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Human Navigation and Magnetoreception: 30th Anniversary Edition

566 pages13 hours


Human Navigation and Magnetoreception, first published in 1989, was written to draw a line under an academic feud that had enlivened much of the 1980s. Now, thirty years on, a new generation of researchers, students and journalists have voiced a need for the book's contents to be made generally available again – and this digital 30th Anniversary edition (with a new Preface by the author) is the result.
Like all mammals, early humans needed to find their way from place to place without becoming lost. For many, the penalty for poor navigation was death. Yet through most of humankind's evolutionary history the only map was in the head and the only compasses in the world around. These were provided by the sun, moon and stars – and something else. In 1980, research at Manchester University, England, led to the claim in the journal Science that during 'natural' navigation humans can use an innate subconscious sense of magnetism. The claim was novel – to some scientists unjustified – and in the years that followed triggered intense and often bitter argument as experiments were criticised, improved, repeated and extended.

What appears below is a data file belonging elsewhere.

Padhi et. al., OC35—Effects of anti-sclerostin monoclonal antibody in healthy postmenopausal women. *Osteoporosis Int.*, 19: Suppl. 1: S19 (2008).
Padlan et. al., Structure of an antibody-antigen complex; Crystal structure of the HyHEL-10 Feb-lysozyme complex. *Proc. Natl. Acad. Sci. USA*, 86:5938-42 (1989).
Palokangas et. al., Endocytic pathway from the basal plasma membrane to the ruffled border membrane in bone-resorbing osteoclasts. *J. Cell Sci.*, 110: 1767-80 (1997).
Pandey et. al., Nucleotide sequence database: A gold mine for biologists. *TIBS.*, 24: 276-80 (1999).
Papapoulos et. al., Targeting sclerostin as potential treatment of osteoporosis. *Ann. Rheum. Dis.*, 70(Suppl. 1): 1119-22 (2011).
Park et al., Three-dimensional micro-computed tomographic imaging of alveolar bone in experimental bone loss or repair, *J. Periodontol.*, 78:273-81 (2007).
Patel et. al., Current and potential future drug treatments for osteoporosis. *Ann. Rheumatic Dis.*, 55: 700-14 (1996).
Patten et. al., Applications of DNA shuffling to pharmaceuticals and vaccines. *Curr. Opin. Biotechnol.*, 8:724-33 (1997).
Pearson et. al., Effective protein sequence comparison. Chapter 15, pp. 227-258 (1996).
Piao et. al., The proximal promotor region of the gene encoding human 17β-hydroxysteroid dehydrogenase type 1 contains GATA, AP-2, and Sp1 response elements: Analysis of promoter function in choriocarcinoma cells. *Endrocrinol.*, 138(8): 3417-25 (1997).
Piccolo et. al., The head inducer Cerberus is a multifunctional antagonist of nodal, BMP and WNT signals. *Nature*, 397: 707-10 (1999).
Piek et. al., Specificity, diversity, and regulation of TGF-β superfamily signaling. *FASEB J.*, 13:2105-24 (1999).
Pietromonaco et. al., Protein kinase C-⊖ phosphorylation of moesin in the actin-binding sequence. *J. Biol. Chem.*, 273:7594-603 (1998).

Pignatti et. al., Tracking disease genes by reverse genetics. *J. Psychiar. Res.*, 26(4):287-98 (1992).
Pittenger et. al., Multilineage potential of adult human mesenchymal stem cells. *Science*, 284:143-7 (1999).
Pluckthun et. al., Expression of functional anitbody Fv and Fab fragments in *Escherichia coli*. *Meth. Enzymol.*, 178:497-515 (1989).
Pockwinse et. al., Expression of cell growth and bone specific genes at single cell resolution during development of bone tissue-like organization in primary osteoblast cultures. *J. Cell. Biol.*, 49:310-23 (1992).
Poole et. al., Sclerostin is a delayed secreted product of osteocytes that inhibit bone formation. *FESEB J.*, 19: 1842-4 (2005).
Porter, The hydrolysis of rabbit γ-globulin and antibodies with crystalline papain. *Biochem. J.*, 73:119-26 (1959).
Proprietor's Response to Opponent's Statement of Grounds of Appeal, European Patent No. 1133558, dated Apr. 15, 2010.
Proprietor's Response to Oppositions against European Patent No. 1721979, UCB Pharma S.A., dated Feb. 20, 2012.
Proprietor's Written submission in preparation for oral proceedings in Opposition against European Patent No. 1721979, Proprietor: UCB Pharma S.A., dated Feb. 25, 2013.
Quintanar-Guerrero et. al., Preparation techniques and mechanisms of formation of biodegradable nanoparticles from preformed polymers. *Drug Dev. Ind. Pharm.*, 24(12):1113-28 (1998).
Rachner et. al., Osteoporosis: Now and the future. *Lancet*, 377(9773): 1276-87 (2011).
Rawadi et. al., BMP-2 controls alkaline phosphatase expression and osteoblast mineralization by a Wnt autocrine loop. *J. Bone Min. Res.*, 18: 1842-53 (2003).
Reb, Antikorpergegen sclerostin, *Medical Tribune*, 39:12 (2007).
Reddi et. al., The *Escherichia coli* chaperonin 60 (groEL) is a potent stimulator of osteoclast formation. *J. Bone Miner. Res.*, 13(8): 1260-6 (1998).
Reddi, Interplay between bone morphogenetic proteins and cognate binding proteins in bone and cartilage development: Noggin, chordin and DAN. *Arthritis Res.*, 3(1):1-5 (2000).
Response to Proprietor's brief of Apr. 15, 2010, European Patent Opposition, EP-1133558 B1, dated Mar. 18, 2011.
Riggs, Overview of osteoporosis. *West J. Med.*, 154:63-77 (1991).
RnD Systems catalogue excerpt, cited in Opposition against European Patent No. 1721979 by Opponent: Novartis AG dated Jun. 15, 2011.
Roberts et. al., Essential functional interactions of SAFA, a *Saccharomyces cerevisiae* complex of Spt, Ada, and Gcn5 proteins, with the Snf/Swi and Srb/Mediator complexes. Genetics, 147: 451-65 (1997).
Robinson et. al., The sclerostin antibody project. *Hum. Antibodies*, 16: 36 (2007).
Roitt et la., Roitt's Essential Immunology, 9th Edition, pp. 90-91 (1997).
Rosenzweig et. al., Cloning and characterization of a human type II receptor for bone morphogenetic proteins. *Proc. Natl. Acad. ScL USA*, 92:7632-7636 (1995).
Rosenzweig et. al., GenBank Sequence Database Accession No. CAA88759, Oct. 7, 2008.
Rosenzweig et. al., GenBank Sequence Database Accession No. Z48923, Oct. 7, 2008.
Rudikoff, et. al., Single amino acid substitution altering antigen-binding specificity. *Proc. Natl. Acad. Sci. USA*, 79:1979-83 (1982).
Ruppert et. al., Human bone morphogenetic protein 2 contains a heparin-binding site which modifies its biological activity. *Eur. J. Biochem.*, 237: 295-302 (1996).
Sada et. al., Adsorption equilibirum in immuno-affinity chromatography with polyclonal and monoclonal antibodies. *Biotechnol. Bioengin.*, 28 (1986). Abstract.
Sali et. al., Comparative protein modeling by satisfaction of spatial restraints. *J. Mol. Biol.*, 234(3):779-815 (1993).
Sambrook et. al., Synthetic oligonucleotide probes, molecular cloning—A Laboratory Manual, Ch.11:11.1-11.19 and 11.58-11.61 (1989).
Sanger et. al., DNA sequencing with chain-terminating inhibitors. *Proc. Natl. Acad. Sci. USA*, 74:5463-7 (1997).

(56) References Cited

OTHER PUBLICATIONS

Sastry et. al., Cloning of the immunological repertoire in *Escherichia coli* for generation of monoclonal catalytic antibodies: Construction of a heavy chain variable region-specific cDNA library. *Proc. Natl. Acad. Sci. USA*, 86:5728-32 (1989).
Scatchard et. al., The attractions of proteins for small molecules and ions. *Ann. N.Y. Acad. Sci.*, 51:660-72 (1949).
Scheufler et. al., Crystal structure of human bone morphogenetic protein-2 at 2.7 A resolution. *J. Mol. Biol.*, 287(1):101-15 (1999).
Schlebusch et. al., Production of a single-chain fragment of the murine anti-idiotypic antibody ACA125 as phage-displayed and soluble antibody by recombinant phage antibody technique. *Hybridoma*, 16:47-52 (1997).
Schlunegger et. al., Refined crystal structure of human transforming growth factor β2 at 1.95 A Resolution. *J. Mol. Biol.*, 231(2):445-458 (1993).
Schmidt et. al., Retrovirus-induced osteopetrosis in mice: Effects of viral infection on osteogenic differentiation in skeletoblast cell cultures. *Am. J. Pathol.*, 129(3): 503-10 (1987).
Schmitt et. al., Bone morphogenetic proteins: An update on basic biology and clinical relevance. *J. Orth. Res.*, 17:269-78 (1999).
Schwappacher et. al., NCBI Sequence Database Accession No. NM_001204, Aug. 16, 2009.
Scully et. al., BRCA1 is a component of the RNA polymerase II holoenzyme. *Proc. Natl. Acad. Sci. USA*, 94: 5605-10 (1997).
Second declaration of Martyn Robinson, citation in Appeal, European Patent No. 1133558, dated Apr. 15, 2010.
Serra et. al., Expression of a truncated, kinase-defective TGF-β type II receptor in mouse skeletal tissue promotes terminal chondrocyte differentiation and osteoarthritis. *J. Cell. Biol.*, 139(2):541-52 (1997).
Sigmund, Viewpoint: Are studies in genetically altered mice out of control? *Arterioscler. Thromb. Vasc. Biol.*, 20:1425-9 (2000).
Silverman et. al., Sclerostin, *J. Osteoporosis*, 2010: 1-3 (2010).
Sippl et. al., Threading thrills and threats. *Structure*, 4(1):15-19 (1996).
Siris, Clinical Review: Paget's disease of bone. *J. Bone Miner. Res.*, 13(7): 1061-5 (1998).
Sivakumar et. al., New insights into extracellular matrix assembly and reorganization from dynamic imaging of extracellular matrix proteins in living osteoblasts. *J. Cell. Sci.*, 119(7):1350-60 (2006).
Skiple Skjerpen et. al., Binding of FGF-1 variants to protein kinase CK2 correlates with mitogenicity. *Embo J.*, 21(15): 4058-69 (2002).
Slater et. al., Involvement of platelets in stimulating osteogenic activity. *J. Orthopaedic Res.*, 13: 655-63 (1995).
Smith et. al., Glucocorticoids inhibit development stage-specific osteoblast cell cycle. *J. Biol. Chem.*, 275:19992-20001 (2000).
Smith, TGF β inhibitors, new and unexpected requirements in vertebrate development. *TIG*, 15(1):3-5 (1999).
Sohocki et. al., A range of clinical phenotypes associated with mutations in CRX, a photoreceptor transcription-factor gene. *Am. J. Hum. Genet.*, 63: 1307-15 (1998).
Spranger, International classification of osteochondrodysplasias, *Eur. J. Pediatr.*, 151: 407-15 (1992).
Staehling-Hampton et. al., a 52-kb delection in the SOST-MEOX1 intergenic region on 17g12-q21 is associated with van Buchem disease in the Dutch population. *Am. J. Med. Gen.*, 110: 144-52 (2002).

Even thirty years after first publication, Human Navigation and Magnetoreception remains the most complete book ever written on the subject of the human magnetic sense. It describes over a decade of research by not only the author and his team at Manchester but also by his various critics and others around the world. Although the experiments began on small groups of British students, the studies eventually extended to include many ages and nationalities, including specialist groups such as orienteers, nudists, trans-equatorial travellers, dyslexics and the blind. By the time the Manchester and other studies ended, thousands of people worldwide had taken part. Other mammals – horses and mice – had also been studied and the results for all were exciting. They were also controversial, and the arguments they triggered vitriolic.
Aimed primarily but not only at scientists, the book presents detailed experimental evidence in support of its conclusions. It demonstrates how the magnetic sense is used alongside sun and star compasses in natural explorations. It also demonstrates a close link between magnetoreception and sight and makes inferences for the nature of the magnetic sensor itself. Within the book's pages, all of the major points of scientific contention are discussed openly and objectively. The result is a fascinating account of not only a little-researched human sense but also of the hurdles that some new ideas have to clear before they can be accepted.

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